Space science and technologies: humankind beyond its limits
Space, unlike extreme environments on Earth such as desserts, deep sea, high mountains, arctic areas, and now over-polluted urban areas, is still a new challenge for humans and a new frontier for its existence. Despite our technological advances in exploring space, and the knowledge we have acquired from this activity, we still lack true experience since this has been performed mostly by machine probes rather than our own bodies. Very few people have “tasted” the space environment, and with this we mean staying for limited periods in a microgravity environment such as on ISS. Although this involved extending the residence times of our astronauts very slowly, still and by far we did not make the experience disruptive.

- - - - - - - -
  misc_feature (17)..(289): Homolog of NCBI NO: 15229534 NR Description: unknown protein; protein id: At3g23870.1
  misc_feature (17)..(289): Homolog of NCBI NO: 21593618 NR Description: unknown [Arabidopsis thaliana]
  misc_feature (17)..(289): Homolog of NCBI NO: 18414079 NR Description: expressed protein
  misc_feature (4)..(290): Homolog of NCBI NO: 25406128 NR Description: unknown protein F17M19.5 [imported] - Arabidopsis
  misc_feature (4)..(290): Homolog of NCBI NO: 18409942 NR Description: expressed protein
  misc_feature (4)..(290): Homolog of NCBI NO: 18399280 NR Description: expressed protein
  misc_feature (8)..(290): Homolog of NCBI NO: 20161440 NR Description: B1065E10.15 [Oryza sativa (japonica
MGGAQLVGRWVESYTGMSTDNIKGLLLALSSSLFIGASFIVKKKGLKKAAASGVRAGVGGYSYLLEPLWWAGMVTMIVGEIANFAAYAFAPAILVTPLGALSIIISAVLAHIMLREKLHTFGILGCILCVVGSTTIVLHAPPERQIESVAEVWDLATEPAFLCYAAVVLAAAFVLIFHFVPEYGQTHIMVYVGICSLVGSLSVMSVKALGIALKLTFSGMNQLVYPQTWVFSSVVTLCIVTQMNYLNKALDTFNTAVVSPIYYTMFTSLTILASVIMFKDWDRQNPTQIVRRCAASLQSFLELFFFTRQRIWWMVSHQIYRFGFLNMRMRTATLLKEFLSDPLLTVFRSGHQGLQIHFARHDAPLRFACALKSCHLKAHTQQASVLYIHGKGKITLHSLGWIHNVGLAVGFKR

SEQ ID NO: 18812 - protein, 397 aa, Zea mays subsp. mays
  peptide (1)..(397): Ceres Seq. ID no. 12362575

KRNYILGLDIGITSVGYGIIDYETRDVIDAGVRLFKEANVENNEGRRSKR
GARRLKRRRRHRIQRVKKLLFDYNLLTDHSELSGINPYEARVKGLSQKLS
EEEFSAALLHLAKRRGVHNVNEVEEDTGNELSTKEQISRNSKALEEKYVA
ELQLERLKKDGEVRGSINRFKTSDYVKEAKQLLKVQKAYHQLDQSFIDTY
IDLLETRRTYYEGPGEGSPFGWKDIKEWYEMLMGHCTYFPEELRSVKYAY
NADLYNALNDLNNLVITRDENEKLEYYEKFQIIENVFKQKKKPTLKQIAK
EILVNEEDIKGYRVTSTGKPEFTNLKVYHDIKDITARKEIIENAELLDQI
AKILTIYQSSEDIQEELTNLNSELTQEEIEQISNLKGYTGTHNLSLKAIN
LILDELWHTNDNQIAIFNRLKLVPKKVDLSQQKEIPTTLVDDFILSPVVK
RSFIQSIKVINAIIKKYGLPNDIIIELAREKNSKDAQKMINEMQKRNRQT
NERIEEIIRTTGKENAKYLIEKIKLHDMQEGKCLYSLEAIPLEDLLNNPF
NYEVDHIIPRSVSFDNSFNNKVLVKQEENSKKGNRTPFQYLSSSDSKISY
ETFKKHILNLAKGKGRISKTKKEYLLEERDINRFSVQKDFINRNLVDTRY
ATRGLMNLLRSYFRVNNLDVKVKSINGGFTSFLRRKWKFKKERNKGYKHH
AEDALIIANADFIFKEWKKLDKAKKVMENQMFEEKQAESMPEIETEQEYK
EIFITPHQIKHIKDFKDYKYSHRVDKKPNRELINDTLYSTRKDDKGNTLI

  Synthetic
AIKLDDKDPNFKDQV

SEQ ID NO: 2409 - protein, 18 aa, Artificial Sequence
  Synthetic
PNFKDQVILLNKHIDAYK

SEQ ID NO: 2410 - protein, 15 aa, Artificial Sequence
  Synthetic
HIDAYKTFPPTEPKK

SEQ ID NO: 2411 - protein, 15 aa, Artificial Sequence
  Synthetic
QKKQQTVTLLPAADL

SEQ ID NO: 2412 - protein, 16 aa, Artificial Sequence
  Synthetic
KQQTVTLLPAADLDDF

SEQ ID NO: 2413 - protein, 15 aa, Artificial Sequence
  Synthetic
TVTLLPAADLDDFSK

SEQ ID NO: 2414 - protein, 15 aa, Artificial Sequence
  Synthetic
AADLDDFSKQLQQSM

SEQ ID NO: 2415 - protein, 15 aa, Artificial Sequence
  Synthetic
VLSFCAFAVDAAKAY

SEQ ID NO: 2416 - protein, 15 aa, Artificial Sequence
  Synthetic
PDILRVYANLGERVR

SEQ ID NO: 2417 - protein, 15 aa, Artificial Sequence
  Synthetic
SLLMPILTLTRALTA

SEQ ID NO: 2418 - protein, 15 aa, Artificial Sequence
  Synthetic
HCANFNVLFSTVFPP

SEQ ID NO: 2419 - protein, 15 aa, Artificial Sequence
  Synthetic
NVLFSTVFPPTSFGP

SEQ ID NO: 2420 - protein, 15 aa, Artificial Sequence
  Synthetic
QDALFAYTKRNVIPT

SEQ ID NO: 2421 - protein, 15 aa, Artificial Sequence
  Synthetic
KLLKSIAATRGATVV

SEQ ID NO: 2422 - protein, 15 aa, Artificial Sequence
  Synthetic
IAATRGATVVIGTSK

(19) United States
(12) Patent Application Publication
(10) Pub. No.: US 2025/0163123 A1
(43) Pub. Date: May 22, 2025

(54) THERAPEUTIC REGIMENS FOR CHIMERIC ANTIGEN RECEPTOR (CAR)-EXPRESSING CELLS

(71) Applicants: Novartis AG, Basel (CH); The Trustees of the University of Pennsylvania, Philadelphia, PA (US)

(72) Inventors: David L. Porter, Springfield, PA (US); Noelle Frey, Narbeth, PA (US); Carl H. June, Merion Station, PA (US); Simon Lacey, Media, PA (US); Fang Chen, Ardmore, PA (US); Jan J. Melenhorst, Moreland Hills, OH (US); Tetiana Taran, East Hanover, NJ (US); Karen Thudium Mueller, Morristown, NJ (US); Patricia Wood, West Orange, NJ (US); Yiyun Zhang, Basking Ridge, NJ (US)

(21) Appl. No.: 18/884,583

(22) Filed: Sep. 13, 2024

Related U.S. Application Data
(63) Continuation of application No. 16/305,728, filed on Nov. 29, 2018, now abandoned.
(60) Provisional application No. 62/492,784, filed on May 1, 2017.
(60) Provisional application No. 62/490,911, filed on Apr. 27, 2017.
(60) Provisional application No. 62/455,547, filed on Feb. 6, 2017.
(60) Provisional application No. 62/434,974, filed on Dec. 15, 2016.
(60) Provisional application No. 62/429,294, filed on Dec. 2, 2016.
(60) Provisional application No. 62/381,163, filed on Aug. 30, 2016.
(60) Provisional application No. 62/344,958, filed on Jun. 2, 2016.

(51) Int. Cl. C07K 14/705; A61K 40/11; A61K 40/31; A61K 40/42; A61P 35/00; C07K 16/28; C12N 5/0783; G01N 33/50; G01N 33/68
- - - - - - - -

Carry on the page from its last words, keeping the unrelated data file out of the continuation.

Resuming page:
Expectations from space are high in acquiring more new experiences and knowledge, also in finding new material resources (i.e., through space mining with the hope that it will possibly prevent additional damage to our over-exploited planet). Space will also be disruptive in our cultural and political behaviour, depleting the meanings and definitions of related contemporary terminologies, such as nationalism and internationalism, globalisation, minority, immigration. We also expect new ethics rules and law systems to be invented.
Taking the development of telecommunications as an example, and as a consequence of that the development of information technologies, all previous claims seem fully justified but in which respect? We believe that the greatest disruption in this endeavour of the humankind is expected to be in the requirement to modify our biological clock and our linear way of thinking. Maybe our current anticipations are truly limited, and this we will try to exploit during this presentation.